Chris is trying to compensate for his lack of musical knowledge by immersing himself in one new artist each week. At the end of the week, he will write up a brief summary of his opinions. You can read about the origin and parameters of this project here.
This summer, I took a class on music in antebellum America. Examining the traditions of our nation's musical heritage turned out to be a fascinating subject. Sometimes I wonder if we Americans have an inferiority complex when it comes to the fine arts, but we have many impressive musical traditions that can be traced back to the founding of our nation and even earlier.
These traditions still continue, although the advent of sound recording has done a lot to de-emphasize the whole "oral tradition" thing. But "folk music" and "roots music" are going strong, and still exert a large influence over music made in America. Sometimes that bubbles up in obvious ways, like when the soundtrack to O Brother, Where Art Thou? launched a bluegrass Renaissance. Other strands are more difficult to trace, but are there all the same.
The Band is one of those groups produces music that can be summarized as quintessentially "American" - a word undefinable even though we all think we have an idea about what it means. The albums I listened to this week not only echo the old country and folk tunes of the early 20th century, but also tend to lyrically address rural subjects. This gives their work a good deal of gravitas, as if the Band hadn't just written these songs in the sixties, but instead found them up in a dusty attic, preserved for over a century. "Roots rock" inevitably evokes this aura of long-standing tradition.
The hell of it all is that the Band is primarily made up of Canadians, and got their start in upstate New York. But if you listen to a song like "The Night They Drove Old Dixie Down," you'd swear they have roots in rural Tennessee. Many artists, in an attempt to reach out to folk roots, end up stumbling into kitsch. But the Band somehow manages to play their music as if they are part of the tradition, rather than merely thieving it for pieces.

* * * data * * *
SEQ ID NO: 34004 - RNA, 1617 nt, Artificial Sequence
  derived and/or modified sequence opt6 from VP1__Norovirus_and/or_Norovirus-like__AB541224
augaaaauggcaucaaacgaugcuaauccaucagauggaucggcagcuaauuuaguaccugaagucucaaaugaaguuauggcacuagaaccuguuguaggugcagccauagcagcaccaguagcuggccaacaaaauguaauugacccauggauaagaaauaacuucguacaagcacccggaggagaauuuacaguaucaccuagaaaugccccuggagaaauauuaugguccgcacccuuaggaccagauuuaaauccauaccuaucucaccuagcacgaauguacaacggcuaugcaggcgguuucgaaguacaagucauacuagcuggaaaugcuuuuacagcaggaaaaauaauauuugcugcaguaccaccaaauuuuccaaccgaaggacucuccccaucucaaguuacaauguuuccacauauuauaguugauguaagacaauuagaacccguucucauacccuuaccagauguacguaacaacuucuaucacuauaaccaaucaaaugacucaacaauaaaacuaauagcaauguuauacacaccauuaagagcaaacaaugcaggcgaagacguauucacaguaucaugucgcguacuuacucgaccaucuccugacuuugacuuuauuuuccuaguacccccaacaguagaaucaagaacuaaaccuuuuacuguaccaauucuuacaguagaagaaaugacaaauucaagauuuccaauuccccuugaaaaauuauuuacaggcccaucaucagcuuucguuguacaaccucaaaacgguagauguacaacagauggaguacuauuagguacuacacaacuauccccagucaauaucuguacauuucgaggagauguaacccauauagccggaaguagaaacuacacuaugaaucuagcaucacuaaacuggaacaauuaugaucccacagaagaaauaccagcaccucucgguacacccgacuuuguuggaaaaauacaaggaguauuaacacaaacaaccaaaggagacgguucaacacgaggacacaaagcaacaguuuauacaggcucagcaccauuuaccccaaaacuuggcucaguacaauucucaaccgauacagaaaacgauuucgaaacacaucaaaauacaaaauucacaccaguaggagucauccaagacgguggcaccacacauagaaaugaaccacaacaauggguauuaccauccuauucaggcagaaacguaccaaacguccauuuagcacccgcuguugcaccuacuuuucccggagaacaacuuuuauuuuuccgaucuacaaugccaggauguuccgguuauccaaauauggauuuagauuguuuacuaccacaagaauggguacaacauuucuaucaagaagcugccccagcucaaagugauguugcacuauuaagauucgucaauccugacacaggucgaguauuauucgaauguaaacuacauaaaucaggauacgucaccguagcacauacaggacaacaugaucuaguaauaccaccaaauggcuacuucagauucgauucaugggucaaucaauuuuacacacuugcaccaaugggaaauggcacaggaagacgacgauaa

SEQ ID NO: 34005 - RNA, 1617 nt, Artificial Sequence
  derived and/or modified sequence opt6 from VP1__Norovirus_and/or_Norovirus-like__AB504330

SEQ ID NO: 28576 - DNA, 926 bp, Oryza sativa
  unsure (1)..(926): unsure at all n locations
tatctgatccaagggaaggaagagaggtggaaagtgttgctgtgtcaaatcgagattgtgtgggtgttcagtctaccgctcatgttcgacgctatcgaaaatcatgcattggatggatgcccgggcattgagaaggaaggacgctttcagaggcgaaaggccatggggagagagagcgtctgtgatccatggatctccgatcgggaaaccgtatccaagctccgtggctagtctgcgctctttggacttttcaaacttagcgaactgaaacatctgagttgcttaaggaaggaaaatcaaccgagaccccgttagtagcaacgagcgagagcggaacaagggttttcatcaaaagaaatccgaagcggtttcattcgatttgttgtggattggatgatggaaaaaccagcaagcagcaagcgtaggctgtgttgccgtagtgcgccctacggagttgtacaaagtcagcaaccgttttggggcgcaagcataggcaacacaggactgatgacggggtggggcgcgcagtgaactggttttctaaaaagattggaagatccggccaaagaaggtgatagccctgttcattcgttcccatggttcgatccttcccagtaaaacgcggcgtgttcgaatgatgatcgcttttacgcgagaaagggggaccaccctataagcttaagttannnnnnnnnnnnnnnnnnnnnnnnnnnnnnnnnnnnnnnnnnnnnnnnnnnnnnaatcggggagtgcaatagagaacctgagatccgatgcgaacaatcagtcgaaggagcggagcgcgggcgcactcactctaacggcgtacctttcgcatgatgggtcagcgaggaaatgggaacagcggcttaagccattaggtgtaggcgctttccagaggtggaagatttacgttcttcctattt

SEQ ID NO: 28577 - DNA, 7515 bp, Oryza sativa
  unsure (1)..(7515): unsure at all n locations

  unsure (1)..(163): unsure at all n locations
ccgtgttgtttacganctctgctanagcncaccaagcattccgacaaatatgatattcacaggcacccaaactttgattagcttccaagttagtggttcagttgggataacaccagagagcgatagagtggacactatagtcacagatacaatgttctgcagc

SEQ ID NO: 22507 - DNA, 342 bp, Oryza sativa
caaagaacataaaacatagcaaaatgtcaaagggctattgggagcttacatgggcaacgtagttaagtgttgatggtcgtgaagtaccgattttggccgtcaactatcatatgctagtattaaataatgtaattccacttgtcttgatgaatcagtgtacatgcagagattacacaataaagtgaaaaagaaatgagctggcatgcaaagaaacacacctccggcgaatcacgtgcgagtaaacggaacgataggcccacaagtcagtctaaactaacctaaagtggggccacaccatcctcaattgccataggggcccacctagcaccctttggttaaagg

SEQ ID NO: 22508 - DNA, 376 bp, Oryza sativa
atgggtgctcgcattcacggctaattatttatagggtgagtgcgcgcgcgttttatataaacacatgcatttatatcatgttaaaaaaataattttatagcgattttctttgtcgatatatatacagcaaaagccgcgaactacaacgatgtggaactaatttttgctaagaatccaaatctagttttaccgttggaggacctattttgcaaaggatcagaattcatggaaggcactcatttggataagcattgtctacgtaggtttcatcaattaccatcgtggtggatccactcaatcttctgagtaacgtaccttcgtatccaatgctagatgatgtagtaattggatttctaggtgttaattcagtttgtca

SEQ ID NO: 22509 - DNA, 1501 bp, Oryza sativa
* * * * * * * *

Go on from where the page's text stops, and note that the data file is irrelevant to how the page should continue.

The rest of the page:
ARTIST OF THE WEEK: The Band
MY LISTENING: I listened to The Band (1969) every day this week. I also listened to Music from Big Pink (1968) four times, Stage Fright (1970) three times, and the live album Rock of Ages (1972) twice.
WHAT I KNEW BEFORE: "The Weight" is one of those classic singles that's somehow managed to be put on regular rotation on classic rock stations without being hideously overplayed. So I've enjoyed it throughout my life without getting fed up with it.
WHAT I LIKED:
As I mentioned above, I really liked the rootsy-aspect of the Band's music. Their old-timey melodies combined with their impeccable vocal harmonizations harken back to the best of the old folk songs of the Appalachians and rural south. Music from Big Pink contains some great folk-influenced pieces - "The Weight," with all its spiritual undertones, and "Long Black Veil," a dirge-like song that reminds me of the old country tunes of love and betrayal. Their self-titled album has even more deliberate folk underpinnings - "The Night They Drove Old Dixie Down" is an incredibly moving paean for the "old south," while "Rag Mama Rag" is a more raucous, less somber song complete with danceable fiddle riffs.
But the Band doesn't let the folk-aesthetic define who they are. Especially on The Band, some of their rhythms are downright funky. "Up on Cripple Creek" has a great bluesy bass riff, and "King Harvest (Has Surely Come)" combines the lyrical descriptions of a rural farmer with the smooth blues of a bass and electric organ. Never before has rural folk music had such a groove to it.
Their third album, Stage Fright, is a little more rocking and less folksy, but I still could get into songs like "Stage Fright," even while country-inspired "Daniel and the Sacred Harp" is there to ground the album. But if I really want to hear the Band rock out, I'll put on Rock of Ages, in which a great brass section spices up the Band's best songs on tracks like "Chest Fever" or "Don't Do It."
WHAT I DIDN'T LIKE:
The worst I can say about the Band is I found some of their plainer tracks a bit boring, especially on their debut album. While sometimes their slower songs perfectly strike that tragic funereal feeling, others just sort of plod along going nowhere. "Whispering Pines" is the one section on The Band that I can sleep through, and "All La Glory" is a similar snoozer on Stage Fright.
Their electric organ carries some great blues riffs sometimes, but other times it just irredeemably dates the music. "Lonesome Suzie" and "Tears of Rage" are too I just couldn't get into, mostly because of the organ. It's a shame, because Garth Hudson is a great keyboardist, but the instrument dates some otherwise timeless songs. I still haven't figured out how I feel about "The Genetic Method," a cadenza like piece Hudson would play at concerts to excite the audience.
FURTHER EXPLORATION WOULD ENTAIL: There is more of the Band to explore, but I feel that I should go next to those albums that the Band played with Bob Dylan. The Basement Tapes (1975) is supposed to be a great collection of Dylan/Band demos, and Before the Flood (1974) seems to be the best live recording of the ensemble.
BEST SONG YOU'VE HEARD: "The Weight"
BEST SONG YOU HAVEN'T HEARD: "Rag Mama Rag" (live version)
Listen to that brass!
NEXT WEEK'S ARTIST: Next week is up in the air, as I'm going to be rather busy. If I have time, I'll do a write-up on an artist I've been listening to on and off all summer. If I don't, I'll do a quick write-up of one of my early groups I never got a chance to properly blog out. Stop by next week and be surprised!